Our latest Underdog is esteemed Military Genius, General Saladin, leader of the Muslim Armies during the Third Crusades.
Saladin (1137 – 4 March 1193), was the first Sultan of Egypt and Syria and the founder of the Ayyubid dynasty. A Sunni Muslim of Kurdish ethnicity, Saladin led the Muslim military campaign against the Crusader states in the Levant.
At the height of his power, his Sultanate included Egypt, Syria, Upper Mesopotamia, the Hejaz, Yemen and other parts of North Africa.
He led forays against the Crusaders in Palestine, and commissioned the successful conquest of Yemen, as well as Upper Egypt. Saladin launched his conquest of Syria, peacefully entering Damascus and by 1182, Saladin had completed the conquest of Muslim Syria after capturing Aleppo.
Under his command, the Ayyubid army defeated the Crusaders at the decisive Battle of Hattin in 1187, and thereafter wrested control of Palestine – including the city of Jerusalem – from the Crusaders, who had conquered the area 88 years earlier.
Although the Crusader Kingdom of Jerusalem continued to exist until the late 13th century, its defeat at Hattin marked a turning point in its conflict with the Muslim powers of the region.
While Saladin’s legacy is the retaking of Jerusalem, he is also well known for his generosity and compassion. While he was a military genius and a warrior with a cause, he believed that all people were inherently good.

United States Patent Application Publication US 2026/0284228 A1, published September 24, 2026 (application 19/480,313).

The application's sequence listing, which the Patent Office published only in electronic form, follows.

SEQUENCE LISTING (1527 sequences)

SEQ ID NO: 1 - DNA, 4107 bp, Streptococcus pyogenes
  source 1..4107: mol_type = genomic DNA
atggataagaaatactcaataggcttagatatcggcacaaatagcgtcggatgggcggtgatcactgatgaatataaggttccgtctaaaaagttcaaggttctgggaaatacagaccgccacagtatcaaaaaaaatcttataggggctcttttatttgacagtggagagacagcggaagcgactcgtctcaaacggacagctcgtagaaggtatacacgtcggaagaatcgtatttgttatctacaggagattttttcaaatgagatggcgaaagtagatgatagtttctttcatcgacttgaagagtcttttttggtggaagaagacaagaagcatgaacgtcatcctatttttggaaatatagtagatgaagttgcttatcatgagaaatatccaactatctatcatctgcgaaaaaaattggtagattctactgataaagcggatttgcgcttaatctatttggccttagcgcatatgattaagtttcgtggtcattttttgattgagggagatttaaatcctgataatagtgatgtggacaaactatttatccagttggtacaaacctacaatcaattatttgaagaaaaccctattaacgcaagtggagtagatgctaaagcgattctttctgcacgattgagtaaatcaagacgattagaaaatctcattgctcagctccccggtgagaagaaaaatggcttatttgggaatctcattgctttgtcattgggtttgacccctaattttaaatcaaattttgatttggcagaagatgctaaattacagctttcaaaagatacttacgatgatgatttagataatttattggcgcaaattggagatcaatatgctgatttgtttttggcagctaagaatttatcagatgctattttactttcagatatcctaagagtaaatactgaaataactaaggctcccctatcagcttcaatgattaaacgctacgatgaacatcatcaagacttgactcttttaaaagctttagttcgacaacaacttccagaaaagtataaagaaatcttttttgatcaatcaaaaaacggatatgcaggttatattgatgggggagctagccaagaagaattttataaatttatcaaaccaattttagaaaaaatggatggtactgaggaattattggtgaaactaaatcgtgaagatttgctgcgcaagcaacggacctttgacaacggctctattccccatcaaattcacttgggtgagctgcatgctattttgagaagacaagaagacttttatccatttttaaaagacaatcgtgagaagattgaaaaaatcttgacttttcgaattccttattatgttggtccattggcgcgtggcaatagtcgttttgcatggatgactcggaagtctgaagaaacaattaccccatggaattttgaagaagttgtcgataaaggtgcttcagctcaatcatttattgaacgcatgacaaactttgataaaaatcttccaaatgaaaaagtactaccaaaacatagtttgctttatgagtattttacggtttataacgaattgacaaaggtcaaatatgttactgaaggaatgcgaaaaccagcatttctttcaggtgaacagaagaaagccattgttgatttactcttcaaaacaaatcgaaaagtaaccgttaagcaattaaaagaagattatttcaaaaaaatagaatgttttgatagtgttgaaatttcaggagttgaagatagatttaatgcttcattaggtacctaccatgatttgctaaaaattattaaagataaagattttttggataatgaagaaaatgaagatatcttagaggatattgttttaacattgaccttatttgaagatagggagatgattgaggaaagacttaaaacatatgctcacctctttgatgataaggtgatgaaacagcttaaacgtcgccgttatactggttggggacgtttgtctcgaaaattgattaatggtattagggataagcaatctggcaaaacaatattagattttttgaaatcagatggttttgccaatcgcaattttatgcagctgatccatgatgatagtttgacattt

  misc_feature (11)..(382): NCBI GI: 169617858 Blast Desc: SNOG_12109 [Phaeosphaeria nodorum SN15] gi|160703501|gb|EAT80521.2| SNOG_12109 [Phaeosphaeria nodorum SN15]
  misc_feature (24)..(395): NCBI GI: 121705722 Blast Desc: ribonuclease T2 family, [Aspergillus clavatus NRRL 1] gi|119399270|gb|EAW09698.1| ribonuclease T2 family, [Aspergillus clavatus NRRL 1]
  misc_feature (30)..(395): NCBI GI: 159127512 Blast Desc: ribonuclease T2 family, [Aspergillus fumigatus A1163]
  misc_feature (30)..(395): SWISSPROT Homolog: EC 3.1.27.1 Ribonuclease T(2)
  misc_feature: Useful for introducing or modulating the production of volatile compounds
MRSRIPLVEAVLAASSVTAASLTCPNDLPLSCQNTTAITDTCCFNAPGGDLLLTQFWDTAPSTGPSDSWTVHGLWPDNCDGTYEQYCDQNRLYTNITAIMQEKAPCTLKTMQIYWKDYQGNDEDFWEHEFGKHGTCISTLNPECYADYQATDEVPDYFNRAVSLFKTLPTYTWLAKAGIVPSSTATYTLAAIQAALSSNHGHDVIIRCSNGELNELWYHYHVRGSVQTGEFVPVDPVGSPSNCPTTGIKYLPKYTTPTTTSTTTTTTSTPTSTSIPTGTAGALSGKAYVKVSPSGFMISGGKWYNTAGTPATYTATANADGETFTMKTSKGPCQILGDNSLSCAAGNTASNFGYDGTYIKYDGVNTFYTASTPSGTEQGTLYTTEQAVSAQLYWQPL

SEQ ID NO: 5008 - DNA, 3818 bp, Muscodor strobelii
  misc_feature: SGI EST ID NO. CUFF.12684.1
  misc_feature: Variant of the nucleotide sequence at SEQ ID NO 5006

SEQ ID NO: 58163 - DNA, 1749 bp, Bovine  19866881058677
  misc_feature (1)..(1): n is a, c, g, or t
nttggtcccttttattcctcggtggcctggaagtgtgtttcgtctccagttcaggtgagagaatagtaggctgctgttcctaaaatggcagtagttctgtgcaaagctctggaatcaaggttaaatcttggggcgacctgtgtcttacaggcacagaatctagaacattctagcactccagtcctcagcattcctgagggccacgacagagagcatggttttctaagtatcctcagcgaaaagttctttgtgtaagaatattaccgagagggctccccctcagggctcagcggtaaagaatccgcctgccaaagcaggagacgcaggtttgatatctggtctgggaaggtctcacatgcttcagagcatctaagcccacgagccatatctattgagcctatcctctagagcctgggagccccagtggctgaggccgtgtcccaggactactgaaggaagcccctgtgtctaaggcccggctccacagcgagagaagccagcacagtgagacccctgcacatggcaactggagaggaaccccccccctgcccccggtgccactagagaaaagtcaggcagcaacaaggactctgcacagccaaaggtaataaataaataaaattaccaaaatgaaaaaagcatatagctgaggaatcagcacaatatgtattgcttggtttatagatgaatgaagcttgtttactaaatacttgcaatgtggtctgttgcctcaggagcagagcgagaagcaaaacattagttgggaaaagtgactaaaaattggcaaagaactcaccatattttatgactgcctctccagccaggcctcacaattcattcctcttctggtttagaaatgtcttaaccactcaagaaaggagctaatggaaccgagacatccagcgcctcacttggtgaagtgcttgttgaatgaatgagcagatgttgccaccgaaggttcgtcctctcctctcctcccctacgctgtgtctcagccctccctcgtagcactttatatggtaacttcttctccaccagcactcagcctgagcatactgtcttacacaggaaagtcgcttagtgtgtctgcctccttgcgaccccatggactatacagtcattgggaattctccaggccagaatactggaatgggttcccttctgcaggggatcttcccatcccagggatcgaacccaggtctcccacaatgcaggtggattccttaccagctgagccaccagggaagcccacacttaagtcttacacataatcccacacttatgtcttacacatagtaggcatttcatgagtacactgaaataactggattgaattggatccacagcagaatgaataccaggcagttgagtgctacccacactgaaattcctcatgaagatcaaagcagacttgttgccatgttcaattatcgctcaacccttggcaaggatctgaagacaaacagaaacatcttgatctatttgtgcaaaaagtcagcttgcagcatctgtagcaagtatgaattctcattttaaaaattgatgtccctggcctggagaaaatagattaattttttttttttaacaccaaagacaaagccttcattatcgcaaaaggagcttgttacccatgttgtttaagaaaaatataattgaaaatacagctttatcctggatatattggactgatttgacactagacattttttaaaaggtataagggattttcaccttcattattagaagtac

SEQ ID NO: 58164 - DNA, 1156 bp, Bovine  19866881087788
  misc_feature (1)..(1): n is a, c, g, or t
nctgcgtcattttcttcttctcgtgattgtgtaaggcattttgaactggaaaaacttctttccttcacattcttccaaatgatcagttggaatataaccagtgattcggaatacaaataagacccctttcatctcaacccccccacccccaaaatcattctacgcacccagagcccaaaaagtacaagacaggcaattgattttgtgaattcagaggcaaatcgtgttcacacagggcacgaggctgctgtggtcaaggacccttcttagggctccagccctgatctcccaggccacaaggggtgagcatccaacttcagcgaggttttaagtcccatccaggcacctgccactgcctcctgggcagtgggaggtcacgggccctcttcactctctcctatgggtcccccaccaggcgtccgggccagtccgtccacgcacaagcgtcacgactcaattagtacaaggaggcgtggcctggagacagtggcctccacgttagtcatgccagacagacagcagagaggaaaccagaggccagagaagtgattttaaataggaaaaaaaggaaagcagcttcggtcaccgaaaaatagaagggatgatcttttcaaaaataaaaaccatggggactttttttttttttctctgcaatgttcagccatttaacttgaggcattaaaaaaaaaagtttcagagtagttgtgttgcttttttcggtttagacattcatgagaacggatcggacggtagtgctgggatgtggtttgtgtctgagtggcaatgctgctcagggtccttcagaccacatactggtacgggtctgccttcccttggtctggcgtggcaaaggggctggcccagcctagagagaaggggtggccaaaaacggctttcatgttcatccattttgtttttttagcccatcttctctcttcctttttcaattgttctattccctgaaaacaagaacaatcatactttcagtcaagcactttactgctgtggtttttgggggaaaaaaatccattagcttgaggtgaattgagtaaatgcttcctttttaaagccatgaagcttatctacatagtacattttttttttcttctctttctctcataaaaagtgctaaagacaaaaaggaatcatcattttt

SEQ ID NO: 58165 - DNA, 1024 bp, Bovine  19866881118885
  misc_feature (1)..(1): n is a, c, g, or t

After their defeat, the Christian crusaders who fought against him in the battle to retake Jerusalem were treated with kindness, and he made sure to keep every promise made to the inhabitants of the city. He agreed to a treaty allowing Europeans to hold ports on the Palestinian coast and also allowed Christians the right to make pilgrimages to Jerusalem.
Indeed it has been posited that Saladin’s gracious treatment of the Crusaders forms the basis of today’s Rules of Engagement under the Geneva Convention, particularly with regard to the treatment of Prisoners of War.
He died in Damascus in 1193, having given away much of his personal wealth to his subjects. He has since become a prominent figure in Muslim, Arab, Turkish and Kurdish culture.
Peep the links below for more on Saladin as well as the Crusades Documentaries on our YouTube Channel’s ‘History & Politics’ Playlist.
Links & Credits